The Perfect Enemy | Boosters arrive ahead of Minnesota’s uncertain COVID-19 fall
September 29, 2022

Boosters arrive ahead of Minnesota’s uncertain COVID-19 fall

Boosters arrive ahead of Minnesota’s uncertain COVID-19 fall  Star TribuneView Full Coverage on Google News

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New COVID-19 vaccine boosters are now widely available in the Twin Cities this week, amid low but persistent pandemic numbers in Minnesota and an uncertain fall and winter.

Pandemic trends in Thursday’s weekly state report showed little change — with publicly reported coronavirus infections remaining at about 1,400 per day and Minnesota seeing some four to six COVID-19 deaths per day. The state’s death toll is 13,153 since the start of the pandemic in March 2020.

Linda Boss was motivated Tuesday as she became one of the first Minnesotans to receive a new COVID-19 booster, which increases protection against original strains of the coronavirus and also the BA.5 and BA.4 variants that are causing almost all infections right now. The 79-year-old Roseville woman wanted the added protection ahead of a church group trip to Ireland this month to learn about Celtic culture.

“I didn’t happen to have any reaction at all, but sometimes there is a reaction and I wanted to get that over with before I was ready to take off,” she said.

Booster appointments were available at many retail pharmacies on Tuesday and at the state’s Mall of America vaccination site Thursday. The state’s Duluth site will provide the boosters when it opens as scheduled Sunday. All booster shots for people 12 and older involve the new formulation.

Infectious disease experts are perplexed by the COVID-19 numbers this summer that haven’t increased but haven’t declined either. COVID-19 patients filled 425 inpatient beds in Minnesota hospitals on Tuesday, including 40 people in intensive care. That is well below the peak of 1,680 hospitalizations during last winter’s pandemic wave, but it leaves Minnesota in a rut between 200 and 600 hospitalizations since early March.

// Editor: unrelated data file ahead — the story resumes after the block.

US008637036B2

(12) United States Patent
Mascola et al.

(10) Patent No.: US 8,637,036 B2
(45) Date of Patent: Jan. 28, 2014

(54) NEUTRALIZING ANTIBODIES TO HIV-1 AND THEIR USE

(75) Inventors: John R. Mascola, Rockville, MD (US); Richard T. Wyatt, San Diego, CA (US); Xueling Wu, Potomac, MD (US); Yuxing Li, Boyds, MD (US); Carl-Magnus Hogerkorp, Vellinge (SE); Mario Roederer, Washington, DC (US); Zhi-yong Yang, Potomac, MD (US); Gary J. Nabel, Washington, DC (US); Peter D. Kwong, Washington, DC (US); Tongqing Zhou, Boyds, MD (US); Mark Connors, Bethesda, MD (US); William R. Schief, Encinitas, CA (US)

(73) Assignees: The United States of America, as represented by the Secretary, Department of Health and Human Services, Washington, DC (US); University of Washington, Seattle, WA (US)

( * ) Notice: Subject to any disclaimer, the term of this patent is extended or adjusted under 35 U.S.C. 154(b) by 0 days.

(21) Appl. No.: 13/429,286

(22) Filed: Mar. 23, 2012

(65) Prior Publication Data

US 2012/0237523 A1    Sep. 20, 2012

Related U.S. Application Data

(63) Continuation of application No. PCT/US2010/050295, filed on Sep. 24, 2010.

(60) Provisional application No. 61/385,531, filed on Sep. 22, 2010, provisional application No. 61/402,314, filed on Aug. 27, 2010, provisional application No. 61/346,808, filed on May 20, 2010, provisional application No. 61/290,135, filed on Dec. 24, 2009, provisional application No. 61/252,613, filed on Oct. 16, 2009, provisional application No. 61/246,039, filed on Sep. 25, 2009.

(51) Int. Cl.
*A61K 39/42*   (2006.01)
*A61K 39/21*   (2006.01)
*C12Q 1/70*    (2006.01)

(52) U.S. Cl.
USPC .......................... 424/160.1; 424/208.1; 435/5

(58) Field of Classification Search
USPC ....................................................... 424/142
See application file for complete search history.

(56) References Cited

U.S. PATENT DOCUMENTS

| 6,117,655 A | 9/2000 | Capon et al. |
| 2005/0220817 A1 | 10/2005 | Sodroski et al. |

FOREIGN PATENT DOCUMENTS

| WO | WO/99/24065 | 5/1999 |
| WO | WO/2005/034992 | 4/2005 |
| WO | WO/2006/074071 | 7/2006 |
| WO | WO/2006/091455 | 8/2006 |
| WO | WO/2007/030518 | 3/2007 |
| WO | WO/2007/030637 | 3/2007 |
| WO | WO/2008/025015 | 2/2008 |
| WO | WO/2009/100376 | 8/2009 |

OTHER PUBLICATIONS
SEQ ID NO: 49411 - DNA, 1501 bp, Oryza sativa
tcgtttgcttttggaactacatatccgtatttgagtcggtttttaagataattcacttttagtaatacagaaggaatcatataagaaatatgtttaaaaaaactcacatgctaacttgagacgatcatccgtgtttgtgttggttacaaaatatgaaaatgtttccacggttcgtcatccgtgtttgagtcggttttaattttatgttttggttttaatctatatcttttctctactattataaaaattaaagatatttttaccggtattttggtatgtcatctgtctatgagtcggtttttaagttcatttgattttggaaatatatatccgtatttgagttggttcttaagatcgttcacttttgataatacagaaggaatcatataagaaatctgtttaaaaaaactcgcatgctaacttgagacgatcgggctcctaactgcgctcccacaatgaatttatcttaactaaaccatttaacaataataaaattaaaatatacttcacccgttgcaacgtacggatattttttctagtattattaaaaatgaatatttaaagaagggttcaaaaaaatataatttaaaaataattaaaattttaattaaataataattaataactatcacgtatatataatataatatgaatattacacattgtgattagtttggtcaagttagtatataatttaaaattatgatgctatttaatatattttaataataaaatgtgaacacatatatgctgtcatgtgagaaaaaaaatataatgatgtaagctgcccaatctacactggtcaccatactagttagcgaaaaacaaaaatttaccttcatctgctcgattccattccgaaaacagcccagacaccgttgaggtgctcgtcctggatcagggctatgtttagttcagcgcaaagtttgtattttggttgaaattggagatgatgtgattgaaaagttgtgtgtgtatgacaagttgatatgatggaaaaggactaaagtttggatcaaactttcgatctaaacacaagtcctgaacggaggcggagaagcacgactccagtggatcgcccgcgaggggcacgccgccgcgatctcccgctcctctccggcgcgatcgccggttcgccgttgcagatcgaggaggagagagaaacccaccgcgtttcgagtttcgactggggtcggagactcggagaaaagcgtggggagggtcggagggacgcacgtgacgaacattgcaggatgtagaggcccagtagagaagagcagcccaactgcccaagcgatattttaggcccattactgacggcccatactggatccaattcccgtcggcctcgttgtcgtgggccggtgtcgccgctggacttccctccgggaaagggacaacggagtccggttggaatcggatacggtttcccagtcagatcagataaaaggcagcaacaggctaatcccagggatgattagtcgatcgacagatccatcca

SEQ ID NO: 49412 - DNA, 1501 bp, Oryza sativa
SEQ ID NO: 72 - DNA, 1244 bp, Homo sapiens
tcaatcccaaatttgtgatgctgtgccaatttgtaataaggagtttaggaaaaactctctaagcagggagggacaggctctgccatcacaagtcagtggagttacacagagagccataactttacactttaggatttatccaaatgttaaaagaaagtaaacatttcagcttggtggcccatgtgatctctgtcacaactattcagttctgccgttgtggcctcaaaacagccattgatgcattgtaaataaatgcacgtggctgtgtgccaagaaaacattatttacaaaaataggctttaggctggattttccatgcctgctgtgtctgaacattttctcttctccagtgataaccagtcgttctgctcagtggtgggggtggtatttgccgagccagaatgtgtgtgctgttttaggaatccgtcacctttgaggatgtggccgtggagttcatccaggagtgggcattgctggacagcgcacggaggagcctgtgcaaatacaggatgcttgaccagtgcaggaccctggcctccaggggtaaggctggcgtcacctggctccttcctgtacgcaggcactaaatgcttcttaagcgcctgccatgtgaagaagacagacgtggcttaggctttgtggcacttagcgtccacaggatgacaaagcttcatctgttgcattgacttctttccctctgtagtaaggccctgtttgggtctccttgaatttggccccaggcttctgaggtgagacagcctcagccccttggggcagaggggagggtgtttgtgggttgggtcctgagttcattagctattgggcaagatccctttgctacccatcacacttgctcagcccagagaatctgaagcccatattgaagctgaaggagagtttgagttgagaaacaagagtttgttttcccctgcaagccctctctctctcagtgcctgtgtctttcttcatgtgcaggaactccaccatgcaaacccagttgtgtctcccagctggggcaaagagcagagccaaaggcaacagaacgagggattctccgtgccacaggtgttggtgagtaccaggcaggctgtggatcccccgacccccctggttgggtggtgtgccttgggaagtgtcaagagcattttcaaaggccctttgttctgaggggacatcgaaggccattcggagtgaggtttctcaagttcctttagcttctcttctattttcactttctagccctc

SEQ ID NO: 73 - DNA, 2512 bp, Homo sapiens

Those flat-line trends have inspired public confidence, though. Last week’s traffic at retail and entertainment destinations in Minnesota was 5% above average for the first time since Labor Day weekend 2021, according to Google, which uses aggregate cell phone usage to assess mobility. Retail traffic was 20% below normal in late January during the omicron COVID-19 wave.

Mobility levels in workplaces have remained 20% below typical in Minnesota all summer, but levels in bus and train stations have steadily increased. Buoyed by State Fair traffic, transit mobility levels were only 5% below normal last week, an improvement from 13% below normal at the same time last year and 33% below normal the year before that.

Minnesota’s COVID-19 prevention strategy this fall will be based more on individual efforts rather than collective requirements such as mask mandates. One step announced Thursday was the expansion of the COVIDaware MN smartphone app, allowing for people with positive home test results to anonymously alert close contacts of exposure risks.

The app uses Bluetooth technology on mobile devices to determine if infected people were in close contact with others. Notification until now has only occurred with publicly reported COVID-19 test results.

While Gov. Tim Walz hailed the new Moderna and Pfizer boosters as “another step forward in fighting COVID-19,” some health officials worry that public overconfidence and vaccine skepticism could reduce their uptake. Minnesota ranks second-best among states in its rate of COVID-19 boosters, but only 65% of its adults have received the recommended shots.

Provisional federal approval of the new boosters was based on human clinical trials of initial versions that were tailored against the BA.1 omicron variant, and based on mouse research on updated versions that targeted BA.5 and BA.4. Approval in advance of human data ensured that the boosters would be available while these variants remain dominant.

While this approach is commonly used to approve seasonally updated flu vaccines, skeptics might criticize its use with the newer COVID-19 vaccines, said Michael Osterholm, director of the University of Minnesota’s Center for Infectious Disease Research and Policy.

The new COVID-19 boosters appear safe and as good or better than older versions, he said, “but when people say this vaccine has only been tested on mice, at that point that becomes a reason for people not to get vaccinated.”

Boss wasn’t one of those people. She has sought COVID-19 vaccines and boosters whenever recommended, only once experiencing mild arm soreness as a result. She got her COVID-19 booster in one arm Tuesday then her flu shot in the other arm.

“I happen to believe in vaccines and the value of vaccines,” she said. “Some people don’t but I just happen to think, ‘yup, they seem to work for me.’ “